By the way, learn how and why your competitors can influence your conversion rate with their pricing to know how you can control this situation.
To find a canonical CR for your business, you have to rely on other metrics you have: CAC, LTV, gross margin. You should always calculate your CR in connection with these metrics.
The process of improving your conversion rate is never-ending; whenever you reach the benchmark for your local market, you can move further to the country level and even global benchmarks. Here’s a list of CR benchmarks for some of the most popular industries:
Everything you do to improve your conversion rate is called conversion rate optimization. Let’s see how to set up a chain of micro and macro goals to measure your conversion rate realistically.
Goals in Google Analytics
Setting up goals is one of the most important parts of setting up your Google Analytics account. You can find goal statistics in the side menu of Google Analytics, under Conversions –> Goals.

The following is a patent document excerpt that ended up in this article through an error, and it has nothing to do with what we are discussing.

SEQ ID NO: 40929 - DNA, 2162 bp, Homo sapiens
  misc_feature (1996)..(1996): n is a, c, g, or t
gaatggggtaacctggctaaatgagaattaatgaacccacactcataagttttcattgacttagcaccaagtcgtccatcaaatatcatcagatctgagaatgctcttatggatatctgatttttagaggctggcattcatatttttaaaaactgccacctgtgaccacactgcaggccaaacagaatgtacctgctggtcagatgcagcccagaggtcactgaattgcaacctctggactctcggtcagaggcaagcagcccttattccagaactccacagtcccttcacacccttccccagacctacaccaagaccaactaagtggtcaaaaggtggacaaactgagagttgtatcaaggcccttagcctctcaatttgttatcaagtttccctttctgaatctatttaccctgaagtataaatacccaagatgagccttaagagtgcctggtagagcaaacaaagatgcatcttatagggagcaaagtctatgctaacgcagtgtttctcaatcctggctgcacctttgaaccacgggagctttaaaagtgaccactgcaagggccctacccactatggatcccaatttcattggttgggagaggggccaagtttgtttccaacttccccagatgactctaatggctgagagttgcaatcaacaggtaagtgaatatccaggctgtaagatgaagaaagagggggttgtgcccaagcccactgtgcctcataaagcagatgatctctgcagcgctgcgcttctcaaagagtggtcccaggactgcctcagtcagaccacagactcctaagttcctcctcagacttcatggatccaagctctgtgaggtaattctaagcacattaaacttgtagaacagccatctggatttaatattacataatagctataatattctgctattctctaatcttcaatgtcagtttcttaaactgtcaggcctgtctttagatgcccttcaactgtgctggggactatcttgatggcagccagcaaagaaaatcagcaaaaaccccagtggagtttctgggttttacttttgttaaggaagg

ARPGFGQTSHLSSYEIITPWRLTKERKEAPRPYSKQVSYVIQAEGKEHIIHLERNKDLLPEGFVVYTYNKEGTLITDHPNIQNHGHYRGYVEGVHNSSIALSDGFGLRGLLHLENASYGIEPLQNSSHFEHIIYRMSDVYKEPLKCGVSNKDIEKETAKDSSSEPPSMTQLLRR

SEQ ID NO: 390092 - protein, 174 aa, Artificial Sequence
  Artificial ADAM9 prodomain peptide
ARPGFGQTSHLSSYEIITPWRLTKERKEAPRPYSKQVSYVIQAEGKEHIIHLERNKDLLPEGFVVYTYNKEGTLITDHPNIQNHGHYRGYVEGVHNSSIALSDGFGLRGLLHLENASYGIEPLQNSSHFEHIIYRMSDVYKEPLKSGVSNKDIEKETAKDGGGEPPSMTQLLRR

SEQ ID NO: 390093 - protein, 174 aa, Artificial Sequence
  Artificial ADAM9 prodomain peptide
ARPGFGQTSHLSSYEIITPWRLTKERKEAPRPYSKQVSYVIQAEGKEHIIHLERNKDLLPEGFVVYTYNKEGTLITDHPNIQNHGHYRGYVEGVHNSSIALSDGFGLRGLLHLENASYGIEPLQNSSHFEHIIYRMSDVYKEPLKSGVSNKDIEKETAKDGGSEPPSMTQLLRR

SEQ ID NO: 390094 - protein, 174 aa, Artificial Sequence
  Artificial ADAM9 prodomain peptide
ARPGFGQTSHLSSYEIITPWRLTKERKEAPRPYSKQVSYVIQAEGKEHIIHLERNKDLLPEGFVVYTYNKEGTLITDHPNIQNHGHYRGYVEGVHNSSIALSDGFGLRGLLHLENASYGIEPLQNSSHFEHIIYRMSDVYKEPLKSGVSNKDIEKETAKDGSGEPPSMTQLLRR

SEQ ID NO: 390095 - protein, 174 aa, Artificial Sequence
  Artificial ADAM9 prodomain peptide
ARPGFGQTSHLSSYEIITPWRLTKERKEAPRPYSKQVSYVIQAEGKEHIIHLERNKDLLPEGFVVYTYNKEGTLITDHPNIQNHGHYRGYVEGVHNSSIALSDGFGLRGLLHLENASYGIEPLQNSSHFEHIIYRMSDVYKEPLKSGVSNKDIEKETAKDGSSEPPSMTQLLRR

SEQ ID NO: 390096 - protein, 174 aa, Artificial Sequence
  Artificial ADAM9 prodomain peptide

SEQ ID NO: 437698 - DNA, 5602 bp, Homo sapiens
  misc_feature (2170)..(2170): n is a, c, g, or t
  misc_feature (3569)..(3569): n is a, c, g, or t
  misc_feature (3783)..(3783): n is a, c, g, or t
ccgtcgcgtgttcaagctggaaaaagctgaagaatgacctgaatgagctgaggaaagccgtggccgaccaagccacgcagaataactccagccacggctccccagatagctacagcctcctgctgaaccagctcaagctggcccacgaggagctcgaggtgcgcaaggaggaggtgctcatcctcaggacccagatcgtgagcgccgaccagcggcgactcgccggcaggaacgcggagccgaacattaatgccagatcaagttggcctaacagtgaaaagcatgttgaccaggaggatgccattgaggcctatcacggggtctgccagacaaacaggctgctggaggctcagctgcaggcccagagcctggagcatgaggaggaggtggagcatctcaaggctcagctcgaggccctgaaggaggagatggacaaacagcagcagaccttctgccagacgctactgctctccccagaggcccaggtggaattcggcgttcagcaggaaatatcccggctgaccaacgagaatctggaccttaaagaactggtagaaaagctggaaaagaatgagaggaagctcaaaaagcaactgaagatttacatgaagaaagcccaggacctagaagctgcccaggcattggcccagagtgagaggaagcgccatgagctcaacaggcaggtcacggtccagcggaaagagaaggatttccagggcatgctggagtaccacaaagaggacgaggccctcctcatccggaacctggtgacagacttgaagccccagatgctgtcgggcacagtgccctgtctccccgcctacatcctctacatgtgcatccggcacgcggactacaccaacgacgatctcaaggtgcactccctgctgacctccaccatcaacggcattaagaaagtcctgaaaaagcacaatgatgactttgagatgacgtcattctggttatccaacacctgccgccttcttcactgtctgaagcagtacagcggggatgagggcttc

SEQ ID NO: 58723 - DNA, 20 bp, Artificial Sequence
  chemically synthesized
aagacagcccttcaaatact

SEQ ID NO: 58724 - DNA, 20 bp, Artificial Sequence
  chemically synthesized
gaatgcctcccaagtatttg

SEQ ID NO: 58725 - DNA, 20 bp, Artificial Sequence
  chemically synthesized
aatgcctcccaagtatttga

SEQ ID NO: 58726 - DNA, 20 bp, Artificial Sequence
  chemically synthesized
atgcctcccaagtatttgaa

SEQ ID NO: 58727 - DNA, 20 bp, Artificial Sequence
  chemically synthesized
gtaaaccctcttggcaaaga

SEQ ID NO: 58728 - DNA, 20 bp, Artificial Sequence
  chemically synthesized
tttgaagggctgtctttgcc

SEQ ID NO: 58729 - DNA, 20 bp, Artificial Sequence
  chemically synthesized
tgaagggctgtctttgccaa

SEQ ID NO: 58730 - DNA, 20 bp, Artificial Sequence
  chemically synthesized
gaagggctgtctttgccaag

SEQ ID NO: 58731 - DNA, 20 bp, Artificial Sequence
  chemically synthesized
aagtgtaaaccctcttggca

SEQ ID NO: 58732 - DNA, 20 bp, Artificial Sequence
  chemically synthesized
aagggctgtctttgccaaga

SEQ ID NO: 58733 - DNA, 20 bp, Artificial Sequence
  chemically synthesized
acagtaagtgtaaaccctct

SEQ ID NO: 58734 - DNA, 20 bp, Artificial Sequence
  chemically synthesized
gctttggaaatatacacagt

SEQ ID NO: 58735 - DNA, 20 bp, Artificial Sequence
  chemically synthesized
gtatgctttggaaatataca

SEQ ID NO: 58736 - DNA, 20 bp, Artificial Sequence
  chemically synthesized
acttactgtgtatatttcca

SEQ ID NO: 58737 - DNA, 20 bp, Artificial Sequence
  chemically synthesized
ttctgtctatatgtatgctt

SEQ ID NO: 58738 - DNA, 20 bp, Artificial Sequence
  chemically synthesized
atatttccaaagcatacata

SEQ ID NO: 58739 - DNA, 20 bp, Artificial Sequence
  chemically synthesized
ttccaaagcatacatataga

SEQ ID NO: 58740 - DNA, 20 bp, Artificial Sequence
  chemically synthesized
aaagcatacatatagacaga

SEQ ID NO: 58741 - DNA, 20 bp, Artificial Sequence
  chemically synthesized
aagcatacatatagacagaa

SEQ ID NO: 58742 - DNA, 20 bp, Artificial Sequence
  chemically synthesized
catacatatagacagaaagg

To set up a goal, you need to set up your Google Analytics account and follow the instructions after choosing what kind of goal you want to establish:
- Visiting certain URLs
- Spending a certain amount of time on a page
- Going deeper on your website, measured by pages per visit
- Completing events, such as clicking on widgets or spending a certain amount of time watching videos
As you can see, there are plenty of ways to set up your conversions in the form of goals.
In the Goal URLs tab in Google Analytics, you can find a list of URLs marked as end URLs for goal completion. Here’s the place where you can see approximate goal values according to the number of completed goals. And it’s obvious that all goals can’t have the same value.
For example, for an online store, the goal of subscriptions is less important than the goal of purchases.
If you sell products, your macro goal will be to ensure that the visitor makes a purchase. But there can be other micro goals the visitor must complete before fulfilling the macro goal.
For example, a visitor must enter the website, choose a product, add it to the cart, proceed to checkout, enter payment and delivery information, and only then make a purchase.